Fantasia 2012: ‘The Sword Identity’ has a unique indentity indeed
The Sword Identity
Directed by Haofeng Xu
Written by Haofeng Xu
Wu xia can be a fantastically exciting movie genre when done correctly. The costumes, the melodrama, the grand scale action set pieces, even the more intimate but no less impressive combative contests. Directors frequently take the opportunity to present the thousands of individuals who engaged in such warfare, from the generals to the most common of foot soldiers, seem quite heroic and worthy of special commemoration. With a little bit of the proverbial ‘thinking outside the box’, a writer and director can find some comedic value inherent in the traditions and discipline exercised by these battalions. Haofeng Xu, an accomplished screenwriter, brings forth his directorial debut, The Sword Identity, a film which poses a different look at the world of these mighty, nearly mythic figures.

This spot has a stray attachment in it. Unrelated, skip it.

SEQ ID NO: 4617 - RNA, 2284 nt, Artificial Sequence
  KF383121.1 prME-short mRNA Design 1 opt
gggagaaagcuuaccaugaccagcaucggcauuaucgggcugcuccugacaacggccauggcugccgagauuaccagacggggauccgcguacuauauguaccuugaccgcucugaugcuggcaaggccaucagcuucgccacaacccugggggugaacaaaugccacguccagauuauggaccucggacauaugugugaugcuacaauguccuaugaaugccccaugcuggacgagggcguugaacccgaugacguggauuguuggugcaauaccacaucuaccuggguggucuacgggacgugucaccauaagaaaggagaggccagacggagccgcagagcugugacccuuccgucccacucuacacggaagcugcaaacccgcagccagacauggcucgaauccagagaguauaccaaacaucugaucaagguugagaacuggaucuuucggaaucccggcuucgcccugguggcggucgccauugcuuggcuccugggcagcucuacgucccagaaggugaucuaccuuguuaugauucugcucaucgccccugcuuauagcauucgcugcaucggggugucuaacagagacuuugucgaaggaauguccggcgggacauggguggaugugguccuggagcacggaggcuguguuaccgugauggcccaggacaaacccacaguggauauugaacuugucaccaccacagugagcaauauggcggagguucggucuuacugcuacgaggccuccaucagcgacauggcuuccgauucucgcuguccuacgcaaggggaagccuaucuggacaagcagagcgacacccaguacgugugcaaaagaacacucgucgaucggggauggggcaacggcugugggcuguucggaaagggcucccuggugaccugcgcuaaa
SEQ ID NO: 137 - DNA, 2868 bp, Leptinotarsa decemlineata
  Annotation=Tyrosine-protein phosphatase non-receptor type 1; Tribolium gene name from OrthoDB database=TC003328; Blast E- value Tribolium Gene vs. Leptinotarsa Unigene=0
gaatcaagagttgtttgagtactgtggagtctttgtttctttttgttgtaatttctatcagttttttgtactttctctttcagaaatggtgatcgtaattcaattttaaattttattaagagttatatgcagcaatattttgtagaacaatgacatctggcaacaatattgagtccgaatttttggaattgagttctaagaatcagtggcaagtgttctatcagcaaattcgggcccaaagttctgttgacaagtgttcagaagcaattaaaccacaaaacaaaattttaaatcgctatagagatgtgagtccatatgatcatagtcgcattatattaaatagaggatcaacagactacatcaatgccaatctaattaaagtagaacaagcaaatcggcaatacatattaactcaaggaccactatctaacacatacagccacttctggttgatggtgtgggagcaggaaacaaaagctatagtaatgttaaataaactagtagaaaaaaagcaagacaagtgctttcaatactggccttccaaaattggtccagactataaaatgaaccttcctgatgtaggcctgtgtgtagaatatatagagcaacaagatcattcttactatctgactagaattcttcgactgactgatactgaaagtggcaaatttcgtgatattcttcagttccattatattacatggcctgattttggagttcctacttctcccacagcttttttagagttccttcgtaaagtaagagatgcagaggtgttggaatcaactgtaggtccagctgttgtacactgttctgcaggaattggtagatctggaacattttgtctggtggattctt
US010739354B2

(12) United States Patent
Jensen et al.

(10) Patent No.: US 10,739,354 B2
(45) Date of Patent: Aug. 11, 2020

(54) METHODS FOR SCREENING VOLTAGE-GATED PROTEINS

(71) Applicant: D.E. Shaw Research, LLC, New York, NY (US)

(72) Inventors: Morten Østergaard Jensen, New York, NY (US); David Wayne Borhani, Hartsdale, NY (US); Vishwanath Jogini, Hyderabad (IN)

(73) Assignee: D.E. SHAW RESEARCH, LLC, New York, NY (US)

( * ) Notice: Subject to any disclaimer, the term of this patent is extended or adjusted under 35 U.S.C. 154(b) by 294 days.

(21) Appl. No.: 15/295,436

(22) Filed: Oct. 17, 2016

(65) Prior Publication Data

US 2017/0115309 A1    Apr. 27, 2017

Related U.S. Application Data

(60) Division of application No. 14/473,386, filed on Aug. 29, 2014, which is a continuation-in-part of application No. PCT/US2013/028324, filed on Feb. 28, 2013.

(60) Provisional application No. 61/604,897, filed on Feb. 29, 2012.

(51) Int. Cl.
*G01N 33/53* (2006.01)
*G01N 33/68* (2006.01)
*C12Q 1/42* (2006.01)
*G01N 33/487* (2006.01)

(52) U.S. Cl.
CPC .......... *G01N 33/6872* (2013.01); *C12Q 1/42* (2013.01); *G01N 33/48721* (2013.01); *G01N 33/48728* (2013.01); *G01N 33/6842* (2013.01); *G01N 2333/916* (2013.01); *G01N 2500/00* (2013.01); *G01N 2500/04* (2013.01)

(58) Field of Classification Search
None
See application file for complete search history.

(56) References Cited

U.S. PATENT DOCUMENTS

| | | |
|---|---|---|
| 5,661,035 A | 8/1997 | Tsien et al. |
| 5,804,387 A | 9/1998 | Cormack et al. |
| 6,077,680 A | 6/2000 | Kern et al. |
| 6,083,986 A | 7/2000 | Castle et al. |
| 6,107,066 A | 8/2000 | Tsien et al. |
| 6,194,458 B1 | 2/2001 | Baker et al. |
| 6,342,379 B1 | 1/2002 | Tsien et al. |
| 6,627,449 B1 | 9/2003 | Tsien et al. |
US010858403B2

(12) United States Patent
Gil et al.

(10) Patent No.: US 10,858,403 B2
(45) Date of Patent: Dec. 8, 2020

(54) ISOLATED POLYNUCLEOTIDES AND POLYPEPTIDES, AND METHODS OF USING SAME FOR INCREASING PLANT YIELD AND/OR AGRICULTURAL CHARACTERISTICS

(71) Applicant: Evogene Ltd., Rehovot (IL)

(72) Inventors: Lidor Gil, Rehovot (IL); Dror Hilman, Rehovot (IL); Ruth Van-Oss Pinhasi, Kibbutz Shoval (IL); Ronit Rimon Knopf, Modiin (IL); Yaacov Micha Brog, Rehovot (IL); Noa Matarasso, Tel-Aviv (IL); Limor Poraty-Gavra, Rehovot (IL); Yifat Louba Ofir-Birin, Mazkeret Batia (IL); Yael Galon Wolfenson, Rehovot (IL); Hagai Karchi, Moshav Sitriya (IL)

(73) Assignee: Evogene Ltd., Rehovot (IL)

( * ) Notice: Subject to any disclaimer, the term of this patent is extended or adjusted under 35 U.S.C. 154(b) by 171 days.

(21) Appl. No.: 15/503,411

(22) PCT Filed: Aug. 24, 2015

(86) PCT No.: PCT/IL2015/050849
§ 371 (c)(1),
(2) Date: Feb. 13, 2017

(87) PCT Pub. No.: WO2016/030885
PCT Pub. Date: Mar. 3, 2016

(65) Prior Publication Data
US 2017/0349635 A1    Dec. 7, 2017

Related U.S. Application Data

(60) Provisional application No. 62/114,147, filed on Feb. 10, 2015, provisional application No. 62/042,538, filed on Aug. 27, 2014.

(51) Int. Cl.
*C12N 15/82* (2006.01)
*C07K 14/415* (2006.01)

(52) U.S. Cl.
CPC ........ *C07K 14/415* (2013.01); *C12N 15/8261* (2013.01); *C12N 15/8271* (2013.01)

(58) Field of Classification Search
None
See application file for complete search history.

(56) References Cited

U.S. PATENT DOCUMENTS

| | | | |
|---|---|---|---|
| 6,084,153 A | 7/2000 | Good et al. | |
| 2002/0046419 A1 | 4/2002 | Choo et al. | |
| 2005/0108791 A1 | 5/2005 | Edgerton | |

In a slowly developing scene, two unknown warriors creep and crawl their way along the walls of a citadel in ancient China. They are assaulted by its guards. The two infiltrators prove worthy adversaries, dispatching assailants with cunning speed and efficiency, until one of them is captured. The other, younger one, Liang Henlu (Yang Song) flees the premise, but vows to return to free his collaborator. The warriors who fended off their unwanted visitors lay claim to the beautiful weapon wielded by the enemy they caught. To their surprise, it is a sword with distinct Japanese influences, a crucial taboo if there ever was one. The captive tries to plea his case, explaining that he is a former student of the long dead general Qi, who in fact taught them that to defeat the invading Japanese, such a weapon proves the most effective. While he is held in the clutches of the suspicious officials, Liang Henlu uses all his wits, as well as the compliance of a beautiful foreign prostitute, to free his friend and finally explain his true intentions.